Dave Bender, Khaled Khalefe
April 8, 2011 - 12:00am

Israeli President Shimon Peres is set to ask United Nations to invalidate Judge Richard Goldstone 's 2009 report on the Israeli army's role in Gaza during Operation Cast Lead.

The presidential request comes in the wake of the South African jurist's regret over some of UN Fact Finding Mission on the Gaza Conflict probe's conclusions, in an op-ed published in The Washington Post last week.

Peres has called the report "a mockery of history," and "fails to distinguish between the aggressor and those acting in self- defense."

He is in the United States for meetings with senior officials, including President Barack Obama, is expected to meet U.N. Secretary-General Ban Ki-moon on Friday.

The Goldstone report accused the Israeli military of carrying out war crimes and crimes against humanity during the month-long foray into the coastal enclave, in order to quell incessant Hamas rocket fire against Israeli cities and towns.

Foreign Ministry officials told the Ha'aretz daily this week, that, while it was unlikely that the Israeli leader would succeed in persuading the world body to strike down the report, the General Assembly might consider adopting a new resolution canceling their previous acceptance of the report and its findings.

Prime Minister Benjamin Netanyahu on Sunday called on National Security Adviser Ya'akov Amidror to oversee a team from the Defense, Foreign, and Justice ministries to come up with methods of revoking the report.

"We will try to undo some of the damage caused," Netanyahu said, adding that he hoped "to see the report canceled."

Meanwhile, attorneys in the U.S. representing several Israeli legislators are set to file a class-action civil lawsuit Goldstone next week.

Likud Party Knesset member Danny Danon, who is also visiting the U.S., met with attorneys who are willing to press the case on a pro bono basis, according to The Jerusalem Post newspaper. Danon also plans to sue the jurist in Israeli courts if Goldstone visits Israel.

Goldstone's 574 page report, which accused Israel of purposely targeting civilian non-combatants, hit the diplomatic world like a tsunami when it was released in September, 2009.

The UN General Assembly in March voted to forward the report to the Security Council, in order to press charges against Israel in the International Court in the Hague.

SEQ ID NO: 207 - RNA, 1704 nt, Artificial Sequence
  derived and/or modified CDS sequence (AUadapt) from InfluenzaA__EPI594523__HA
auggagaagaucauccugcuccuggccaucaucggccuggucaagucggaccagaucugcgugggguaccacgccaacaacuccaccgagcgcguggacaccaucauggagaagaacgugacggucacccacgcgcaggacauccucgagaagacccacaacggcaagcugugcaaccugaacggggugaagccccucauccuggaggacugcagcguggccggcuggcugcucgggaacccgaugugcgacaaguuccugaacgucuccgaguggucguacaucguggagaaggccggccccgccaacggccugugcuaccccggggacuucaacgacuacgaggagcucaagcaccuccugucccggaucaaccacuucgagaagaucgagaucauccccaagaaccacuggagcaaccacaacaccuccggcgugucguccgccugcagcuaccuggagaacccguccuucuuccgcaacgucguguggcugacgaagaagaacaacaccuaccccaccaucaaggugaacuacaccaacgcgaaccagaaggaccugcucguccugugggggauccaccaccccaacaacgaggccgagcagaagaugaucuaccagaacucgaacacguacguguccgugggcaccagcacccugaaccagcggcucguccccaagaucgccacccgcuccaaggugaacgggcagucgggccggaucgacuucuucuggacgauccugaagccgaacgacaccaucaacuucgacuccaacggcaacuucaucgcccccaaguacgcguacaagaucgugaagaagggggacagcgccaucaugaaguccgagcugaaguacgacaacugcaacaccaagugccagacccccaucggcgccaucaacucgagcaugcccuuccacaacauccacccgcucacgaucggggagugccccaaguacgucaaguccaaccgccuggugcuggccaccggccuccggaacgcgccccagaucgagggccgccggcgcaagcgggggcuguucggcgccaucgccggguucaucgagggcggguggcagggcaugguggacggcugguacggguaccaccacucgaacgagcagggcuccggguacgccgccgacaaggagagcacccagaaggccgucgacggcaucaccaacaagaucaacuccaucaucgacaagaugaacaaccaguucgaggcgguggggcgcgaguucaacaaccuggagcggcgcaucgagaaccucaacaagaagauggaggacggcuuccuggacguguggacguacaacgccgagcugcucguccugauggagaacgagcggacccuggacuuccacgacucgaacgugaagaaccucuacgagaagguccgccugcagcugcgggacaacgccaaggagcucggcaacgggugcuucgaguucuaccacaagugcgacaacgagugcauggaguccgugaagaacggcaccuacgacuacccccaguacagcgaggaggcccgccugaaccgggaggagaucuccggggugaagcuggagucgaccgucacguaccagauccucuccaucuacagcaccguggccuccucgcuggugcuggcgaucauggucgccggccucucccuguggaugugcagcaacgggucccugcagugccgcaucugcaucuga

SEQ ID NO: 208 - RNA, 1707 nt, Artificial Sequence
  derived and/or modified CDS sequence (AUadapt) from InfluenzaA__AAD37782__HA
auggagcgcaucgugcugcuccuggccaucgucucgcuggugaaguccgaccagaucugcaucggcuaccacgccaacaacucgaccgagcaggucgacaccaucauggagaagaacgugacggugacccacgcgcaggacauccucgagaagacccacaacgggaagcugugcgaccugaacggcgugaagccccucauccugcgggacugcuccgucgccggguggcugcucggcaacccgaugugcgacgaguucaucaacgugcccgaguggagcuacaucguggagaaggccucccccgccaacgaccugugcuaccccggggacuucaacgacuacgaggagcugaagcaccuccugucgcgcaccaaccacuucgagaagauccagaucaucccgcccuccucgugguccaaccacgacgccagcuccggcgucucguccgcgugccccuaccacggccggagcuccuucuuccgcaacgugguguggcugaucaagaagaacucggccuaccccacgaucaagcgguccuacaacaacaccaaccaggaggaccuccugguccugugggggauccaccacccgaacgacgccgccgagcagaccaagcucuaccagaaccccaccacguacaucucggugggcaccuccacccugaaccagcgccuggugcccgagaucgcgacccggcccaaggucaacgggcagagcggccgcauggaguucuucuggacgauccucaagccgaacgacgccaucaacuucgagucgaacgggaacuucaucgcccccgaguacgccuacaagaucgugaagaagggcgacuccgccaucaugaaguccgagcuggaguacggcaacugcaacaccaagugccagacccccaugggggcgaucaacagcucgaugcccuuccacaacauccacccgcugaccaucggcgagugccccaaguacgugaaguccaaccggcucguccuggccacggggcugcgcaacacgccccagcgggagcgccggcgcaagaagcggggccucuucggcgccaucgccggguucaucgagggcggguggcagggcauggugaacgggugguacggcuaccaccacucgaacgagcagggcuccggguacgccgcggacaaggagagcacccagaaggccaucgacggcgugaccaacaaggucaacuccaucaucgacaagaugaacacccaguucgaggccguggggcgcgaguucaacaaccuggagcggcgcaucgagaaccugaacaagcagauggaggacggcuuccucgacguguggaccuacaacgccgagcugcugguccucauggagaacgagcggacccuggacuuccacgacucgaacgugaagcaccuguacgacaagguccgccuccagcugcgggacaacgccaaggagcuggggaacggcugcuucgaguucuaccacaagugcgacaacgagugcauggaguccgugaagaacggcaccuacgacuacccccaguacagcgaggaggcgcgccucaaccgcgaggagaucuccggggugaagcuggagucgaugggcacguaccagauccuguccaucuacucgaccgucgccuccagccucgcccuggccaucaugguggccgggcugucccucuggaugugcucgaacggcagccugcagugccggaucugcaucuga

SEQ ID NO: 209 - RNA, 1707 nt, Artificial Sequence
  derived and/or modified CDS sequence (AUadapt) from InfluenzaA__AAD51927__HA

Israel, for its part, refused at the outset to work with the report's investigators, charging that the group's makeup of officials with known anti-Israel positions, and its stated mission were intolerably slanted against the Jewish State from the start.

As well, many critics of the report called it a modern-day blood libel against Israel, but that Goldstone, as a Jew, provided a fig leaf against claims that the body was motivated by anti- semitism or malice.

"The Goldstone Report was a 2010 model of the blood libel," said Danon, who chairs the Knesset's Immigration, Absorption and Diaspora Affairs Committee.

"The distorted picture of the State of Israel that Goldstone generated harmed, harms and will continue to harm Israel and her citizens for decades. A public apology in any state may help to reduce the damage that was caused," Danon said, according to the Post.

Since the report's release, Goldstone has been hailed by pro- Palestinian groups and international bodies as a no-holds-barred human-rights champion.

However, Goldstone, a respected jurist, has also encountered vociferous wall-to-wall opposition by many pro-Israel groups and supporters internationally, as well.

They charge that the report slandered Israel and whitewashed or totally overlooked Hamas' own not-inconsequential war crimes. They pointed to Hamas militants firing thousands of rockets into civilian areas within Israel, and hiding behind Gazan non- combatants when Israel retaliated.

And so, in an out-of-the-blue reversal published on the pages of The Washington Post on April 1, Goldstone said he'd had a change of heart, and in re-evaluating his report's conclusions in light of what he said was new information, said Israel, in fact, did not commit war crimes as defined by the Geneva Conventions - and that Hamas did.

Goldstone, however, charged in "Reconsidering the Goldstone Report on Israel and war crimes," that if Israel had cooperated with his fact-finding committee at the time, it could have made its case that Israeli jets and tanks didn't deliberately target civilians as a matter of policy.

Nor, Goldstone stressed, was he able to turn to Israeli sources to corroborate Hamas claims over casualty numbers, and deciding who was a combatant and who was a civilian.

His article pointed out, however, that Hamas missiles attacks at hospitals, homes and schools across a swath of southern Israel were, in fact, war crimes. He said that Israel and the IDF acted as any sovereign government and army would facing such daily rocket salvos.

Goldstone, in his article, however, now charges that Hamas, even as a non-state actor, is under the same rules of engagement as Israel. As well, Israel maintains that it does not occupy Gaza since its withdrawal in 2005.

Some Israeli and international media pointed out that Goldstone was being constantly harassed, even having received threatening letters, while others contend that after re-reviewing the details of Cast Lead, Goldstone simply concluded that he was wrong.


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